Free speech in Colorado: Bus bench Jesus vs. the Bias Response Team
In Colorado Springs, multiple media outlets reported on a local pastor, Lawson Perdue, saying his “Jesus is Lord” advertisements on public bus stop benches might be barred because they use the word Jesus. (In my experience, these ubiquitous bus bench ads are rivaled only by ads for Wolf Tours in town).
As The Gazette reports, “he was told if the name Jesus was allowed, hate messages would have to be allowed, too.” The alt-weekly Colorado Springs Independent reported the city could face a lawsuit, and posted a comment from the public transit operator saying “a recent citizen complaint about certain advertising on bus benches has caused City Transit staff to undertake careful review of both the advertising and Transit’s current advertising policy in relation to the requirements of the 1st Amendment’s Establishment Clause.” Fox News has already gotten ahold of the story.
The Gazette story contained this memorable line (emphasis mine): “Perdue said his church has ads on 20 benches with the ‘Jesus is Lord’ campaign on them. He said he planned to renew his contract with Jesus in future advertisements as well.” (I’d like to see the signature on that contract!)
The city later said while an attorney is reviewing policy and “Mountain Metro Transit recognizes that it acted hastily in asking Pastor Perdue to change his messaging,” no action will be taken until after the review.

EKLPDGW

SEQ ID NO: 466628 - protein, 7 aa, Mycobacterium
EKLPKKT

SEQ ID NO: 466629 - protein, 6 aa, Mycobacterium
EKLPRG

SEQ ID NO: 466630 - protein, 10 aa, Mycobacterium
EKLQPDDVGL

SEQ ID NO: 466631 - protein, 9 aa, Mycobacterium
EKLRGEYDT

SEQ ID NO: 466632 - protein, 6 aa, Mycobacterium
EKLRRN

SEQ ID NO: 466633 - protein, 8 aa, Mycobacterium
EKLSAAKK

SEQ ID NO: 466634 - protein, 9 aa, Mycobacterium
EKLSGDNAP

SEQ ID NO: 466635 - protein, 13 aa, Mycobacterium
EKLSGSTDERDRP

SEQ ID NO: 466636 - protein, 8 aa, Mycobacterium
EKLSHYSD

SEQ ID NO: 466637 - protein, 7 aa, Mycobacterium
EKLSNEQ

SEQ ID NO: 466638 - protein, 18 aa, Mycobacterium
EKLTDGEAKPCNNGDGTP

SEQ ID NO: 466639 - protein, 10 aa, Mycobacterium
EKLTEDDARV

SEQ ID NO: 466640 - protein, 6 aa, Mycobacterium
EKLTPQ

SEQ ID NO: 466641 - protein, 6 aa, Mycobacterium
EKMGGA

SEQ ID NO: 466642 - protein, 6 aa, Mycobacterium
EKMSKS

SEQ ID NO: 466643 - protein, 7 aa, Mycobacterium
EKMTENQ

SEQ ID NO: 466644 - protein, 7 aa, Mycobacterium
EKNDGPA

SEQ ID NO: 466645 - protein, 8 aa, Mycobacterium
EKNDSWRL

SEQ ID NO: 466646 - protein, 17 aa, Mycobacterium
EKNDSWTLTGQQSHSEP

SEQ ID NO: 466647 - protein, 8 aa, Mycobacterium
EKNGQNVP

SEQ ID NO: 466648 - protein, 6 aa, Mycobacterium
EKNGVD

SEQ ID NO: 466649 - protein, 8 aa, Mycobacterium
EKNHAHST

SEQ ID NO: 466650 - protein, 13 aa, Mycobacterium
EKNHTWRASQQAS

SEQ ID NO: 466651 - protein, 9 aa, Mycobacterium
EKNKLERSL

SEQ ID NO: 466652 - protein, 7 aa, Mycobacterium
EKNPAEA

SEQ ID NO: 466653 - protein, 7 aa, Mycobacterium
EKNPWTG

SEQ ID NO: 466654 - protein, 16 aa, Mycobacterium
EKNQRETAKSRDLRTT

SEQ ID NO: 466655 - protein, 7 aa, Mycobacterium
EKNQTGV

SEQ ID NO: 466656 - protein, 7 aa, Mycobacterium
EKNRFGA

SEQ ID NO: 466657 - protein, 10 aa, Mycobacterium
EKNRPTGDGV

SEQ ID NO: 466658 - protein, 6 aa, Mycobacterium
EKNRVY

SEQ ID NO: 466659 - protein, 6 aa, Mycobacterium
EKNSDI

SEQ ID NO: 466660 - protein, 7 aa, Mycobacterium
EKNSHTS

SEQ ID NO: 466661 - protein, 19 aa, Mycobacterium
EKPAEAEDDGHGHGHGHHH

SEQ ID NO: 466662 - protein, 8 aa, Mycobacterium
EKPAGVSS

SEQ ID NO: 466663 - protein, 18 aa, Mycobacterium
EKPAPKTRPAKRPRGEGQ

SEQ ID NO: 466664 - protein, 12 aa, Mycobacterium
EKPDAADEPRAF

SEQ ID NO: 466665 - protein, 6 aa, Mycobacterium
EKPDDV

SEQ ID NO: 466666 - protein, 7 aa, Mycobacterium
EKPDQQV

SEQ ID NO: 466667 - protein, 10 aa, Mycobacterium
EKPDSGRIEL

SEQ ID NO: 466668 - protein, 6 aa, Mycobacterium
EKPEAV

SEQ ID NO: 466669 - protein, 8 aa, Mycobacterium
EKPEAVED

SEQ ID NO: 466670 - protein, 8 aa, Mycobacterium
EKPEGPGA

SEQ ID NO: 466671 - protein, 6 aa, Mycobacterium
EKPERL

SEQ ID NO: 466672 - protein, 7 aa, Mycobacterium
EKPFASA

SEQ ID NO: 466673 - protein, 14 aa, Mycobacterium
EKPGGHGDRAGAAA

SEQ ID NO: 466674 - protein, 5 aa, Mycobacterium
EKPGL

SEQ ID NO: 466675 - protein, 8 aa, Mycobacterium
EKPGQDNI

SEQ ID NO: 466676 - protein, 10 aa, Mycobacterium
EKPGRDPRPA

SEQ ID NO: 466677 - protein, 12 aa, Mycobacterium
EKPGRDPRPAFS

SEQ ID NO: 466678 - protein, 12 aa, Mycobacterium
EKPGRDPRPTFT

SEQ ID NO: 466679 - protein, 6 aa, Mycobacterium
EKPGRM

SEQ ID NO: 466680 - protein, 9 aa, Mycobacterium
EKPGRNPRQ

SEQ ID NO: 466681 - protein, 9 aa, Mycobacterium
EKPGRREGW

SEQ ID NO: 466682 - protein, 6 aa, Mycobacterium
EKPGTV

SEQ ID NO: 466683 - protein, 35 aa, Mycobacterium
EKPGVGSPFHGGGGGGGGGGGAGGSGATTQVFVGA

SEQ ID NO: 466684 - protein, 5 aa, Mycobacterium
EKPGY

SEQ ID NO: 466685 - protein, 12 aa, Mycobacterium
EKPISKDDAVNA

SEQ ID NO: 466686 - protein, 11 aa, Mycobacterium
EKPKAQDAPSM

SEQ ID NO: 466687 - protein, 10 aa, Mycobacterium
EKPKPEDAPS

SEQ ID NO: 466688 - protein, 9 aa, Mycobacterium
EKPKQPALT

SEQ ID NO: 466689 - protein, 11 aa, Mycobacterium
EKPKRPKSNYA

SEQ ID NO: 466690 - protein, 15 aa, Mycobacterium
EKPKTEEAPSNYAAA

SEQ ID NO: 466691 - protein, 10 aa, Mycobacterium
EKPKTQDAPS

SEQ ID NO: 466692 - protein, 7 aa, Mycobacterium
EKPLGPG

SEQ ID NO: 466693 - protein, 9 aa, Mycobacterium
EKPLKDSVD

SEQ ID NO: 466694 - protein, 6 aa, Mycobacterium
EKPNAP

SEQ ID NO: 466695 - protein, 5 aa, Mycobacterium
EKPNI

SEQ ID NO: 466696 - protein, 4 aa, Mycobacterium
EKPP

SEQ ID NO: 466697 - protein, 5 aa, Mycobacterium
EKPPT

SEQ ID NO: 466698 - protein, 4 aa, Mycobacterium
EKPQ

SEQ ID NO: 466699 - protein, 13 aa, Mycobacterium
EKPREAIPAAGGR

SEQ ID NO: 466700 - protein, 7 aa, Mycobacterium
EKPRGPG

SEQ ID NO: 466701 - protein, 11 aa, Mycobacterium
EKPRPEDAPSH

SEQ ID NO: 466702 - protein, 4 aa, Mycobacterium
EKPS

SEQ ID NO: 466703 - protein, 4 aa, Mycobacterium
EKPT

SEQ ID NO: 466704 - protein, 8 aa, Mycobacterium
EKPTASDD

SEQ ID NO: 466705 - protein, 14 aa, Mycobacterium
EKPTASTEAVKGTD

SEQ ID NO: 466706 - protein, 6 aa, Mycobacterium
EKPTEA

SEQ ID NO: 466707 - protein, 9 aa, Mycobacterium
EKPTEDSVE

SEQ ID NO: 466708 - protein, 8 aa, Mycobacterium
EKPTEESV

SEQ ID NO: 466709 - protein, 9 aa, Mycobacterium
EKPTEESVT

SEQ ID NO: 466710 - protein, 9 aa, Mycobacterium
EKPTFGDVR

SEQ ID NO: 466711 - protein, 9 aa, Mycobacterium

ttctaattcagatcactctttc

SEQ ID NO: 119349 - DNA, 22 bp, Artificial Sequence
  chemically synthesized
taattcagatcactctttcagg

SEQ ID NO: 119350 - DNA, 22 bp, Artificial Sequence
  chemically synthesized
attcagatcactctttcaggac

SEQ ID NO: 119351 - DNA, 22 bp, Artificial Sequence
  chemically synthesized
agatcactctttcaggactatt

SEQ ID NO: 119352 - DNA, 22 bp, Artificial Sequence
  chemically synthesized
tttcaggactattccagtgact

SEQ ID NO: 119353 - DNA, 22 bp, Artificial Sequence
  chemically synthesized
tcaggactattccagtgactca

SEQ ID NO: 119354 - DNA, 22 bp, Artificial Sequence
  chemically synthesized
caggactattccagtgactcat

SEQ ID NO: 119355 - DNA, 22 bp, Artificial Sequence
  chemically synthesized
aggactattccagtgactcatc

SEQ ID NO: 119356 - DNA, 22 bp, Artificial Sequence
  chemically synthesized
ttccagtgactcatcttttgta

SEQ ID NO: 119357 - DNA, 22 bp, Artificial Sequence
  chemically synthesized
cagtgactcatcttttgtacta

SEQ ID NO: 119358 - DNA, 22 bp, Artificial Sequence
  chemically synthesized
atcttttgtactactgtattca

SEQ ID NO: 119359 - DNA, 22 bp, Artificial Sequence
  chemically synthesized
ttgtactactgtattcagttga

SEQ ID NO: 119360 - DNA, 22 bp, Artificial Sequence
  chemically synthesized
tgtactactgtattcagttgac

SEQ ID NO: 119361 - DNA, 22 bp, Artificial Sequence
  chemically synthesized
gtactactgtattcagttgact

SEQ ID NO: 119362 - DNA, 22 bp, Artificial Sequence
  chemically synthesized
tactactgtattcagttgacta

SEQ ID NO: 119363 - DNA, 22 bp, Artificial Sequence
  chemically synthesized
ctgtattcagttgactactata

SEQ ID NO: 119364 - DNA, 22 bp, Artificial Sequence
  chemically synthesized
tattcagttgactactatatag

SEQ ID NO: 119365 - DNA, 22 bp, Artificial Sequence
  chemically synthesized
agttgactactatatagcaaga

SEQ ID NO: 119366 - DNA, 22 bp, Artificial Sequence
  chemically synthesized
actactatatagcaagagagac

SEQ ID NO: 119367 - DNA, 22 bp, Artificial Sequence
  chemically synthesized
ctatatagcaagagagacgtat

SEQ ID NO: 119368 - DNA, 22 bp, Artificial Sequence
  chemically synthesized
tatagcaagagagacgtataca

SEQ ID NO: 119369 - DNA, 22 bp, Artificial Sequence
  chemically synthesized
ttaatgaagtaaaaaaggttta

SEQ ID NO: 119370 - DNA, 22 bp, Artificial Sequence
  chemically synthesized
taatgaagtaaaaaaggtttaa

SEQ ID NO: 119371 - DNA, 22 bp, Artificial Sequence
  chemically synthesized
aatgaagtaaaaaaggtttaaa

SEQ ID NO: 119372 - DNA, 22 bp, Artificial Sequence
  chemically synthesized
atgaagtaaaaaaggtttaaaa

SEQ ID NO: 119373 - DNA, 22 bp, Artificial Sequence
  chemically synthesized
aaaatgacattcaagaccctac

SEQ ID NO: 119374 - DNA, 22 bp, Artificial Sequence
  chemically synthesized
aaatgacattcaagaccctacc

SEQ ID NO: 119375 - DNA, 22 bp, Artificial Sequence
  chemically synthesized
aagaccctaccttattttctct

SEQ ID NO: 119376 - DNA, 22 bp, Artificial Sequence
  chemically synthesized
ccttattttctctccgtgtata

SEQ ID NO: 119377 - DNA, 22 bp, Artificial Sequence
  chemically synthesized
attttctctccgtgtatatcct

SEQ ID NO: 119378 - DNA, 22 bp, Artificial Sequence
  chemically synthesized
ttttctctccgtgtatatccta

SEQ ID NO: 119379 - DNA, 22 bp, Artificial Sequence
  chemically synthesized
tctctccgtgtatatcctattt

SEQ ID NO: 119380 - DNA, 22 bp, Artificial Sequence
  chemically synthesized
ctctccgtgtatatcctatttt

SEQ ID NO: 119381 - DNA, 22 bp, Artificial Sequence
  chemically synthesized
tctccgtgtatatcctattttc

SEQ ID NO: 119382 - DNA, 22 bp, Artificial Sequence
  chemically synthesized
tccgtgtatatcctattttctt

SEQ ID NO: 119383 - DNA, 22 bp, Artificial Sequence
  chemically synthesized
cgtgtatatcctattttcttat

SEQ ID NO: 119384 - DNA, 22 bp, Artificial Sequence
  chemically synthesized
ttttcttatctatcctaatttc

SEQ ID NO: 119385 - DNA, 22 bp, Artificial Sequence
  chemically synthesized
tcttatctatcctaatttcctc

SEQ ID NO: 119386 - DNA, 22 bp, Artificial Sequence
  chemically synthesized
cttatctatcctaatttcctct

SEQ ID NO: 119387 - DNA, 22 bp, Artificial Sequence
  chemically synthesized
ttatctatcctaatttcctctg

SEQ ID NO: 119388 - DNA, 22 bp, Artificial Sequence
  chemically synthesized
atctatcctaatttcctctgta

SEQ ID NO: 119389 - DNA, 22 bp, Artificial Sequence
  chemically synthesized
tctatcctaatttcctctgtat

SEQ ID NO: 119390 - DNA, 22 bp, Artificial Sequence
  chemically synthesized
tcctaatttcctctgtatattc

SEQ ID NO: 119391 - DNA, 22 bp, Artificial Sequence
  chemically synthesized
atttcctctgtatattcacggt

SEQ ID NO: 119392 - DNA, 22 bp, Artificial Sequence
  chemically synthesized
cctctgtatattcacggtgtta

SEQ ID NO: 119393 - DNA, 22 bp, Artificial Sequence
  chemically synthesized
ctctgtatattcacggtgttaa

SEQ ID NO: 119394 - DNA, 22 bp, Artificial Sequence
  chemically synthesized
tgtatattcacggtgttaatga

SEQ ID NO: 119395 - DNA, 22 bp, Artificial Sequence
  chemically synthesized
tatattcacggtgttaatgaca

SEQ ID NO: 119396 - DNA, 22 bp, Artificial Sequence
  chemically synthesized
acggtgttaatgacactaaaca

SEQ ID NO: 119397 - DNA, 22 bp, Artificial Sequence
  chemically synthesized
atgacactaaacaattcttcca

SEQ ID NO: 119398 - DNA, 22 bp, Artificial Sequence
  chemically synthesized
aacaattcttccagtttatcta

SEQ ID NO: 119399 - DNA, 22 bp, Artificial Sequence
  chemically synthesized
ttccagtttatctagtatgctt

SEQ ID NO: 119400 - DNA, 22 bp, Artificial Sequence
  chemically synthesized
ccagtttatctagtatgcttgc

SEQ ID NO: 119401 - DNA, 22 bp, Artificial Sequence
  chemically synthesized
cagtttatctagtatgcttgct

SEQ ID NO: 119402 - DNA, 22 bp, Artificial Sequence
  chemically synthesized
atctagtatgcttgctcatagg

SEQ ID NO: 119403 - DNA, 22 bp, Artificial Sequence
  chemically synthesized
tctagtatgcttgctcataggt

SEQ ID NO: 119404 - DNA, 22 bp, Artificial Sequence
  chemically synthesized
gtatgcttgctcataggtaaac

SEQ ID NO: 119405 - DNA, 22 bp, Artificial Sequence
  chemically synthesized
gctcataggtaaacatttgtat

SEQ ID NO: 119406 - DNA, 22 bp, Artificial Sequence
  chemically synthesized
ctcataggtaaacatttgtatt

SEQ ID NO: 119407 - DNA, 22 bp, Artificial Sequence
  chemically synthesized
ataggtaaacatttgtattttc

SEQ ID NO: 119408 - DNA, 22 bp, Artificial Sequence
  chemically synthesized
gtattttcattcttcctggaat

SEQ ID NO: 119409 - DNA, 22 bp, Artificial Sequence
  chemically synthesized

Elsewhere in the state, officials at the University of Northern Colorado in Greeley “have spent the past year regulating speech on their campus in a way First Amendment advocates say should raise serious questions,” the local paper there reported. According to The Greeley Tribune, UNC administrators created something two years ago called the “UNC Bias Response Team,” which was charged with responding to complaints of behavior motivated by bias.
From The Tribune:
During the 2015-16 academic year, UNC officials responded to dozens of complaints — most generated by students — regarding everything from professors’ in-class assignments to students’ strongly stated political opinions to cooking competitions that caused problems for students with eating disorders. Documents The Tribune obtained from Heat Street, a New York-based, libertarian-leaning online publication, show a UNC process that mirrors police reports, with a reporting party, an investigative narrative and consequences determined.
The college denies that it is infringing on First Amendment rights, the paper reports, “by punishing students or others in the campus community for speech. They said then, and now, they simply seek to educate students about offensive rhetoric.”
The Tribune learned professors had been asked not to discuss or cover certain things in class (including transgender issues) and a student who was investigated for having a Confederate flag in his dorm was asked to move it away from a window.
Another round of buyouts and layoffs take a bite out of The Denver Post newsroom
Last week I wrote about Denver Post journalists rallying outside their office building against their hedge fund owner. “We are here today to collectively ask The Post’s parent company— DFM and Alden Global Capital — to accept the number of buyouts and not seek further job reductions through layoffs,” said a newsroom union leader. This week, thanks to the Denver alt-weekly Westword, we know which journalists accepted those buyouts.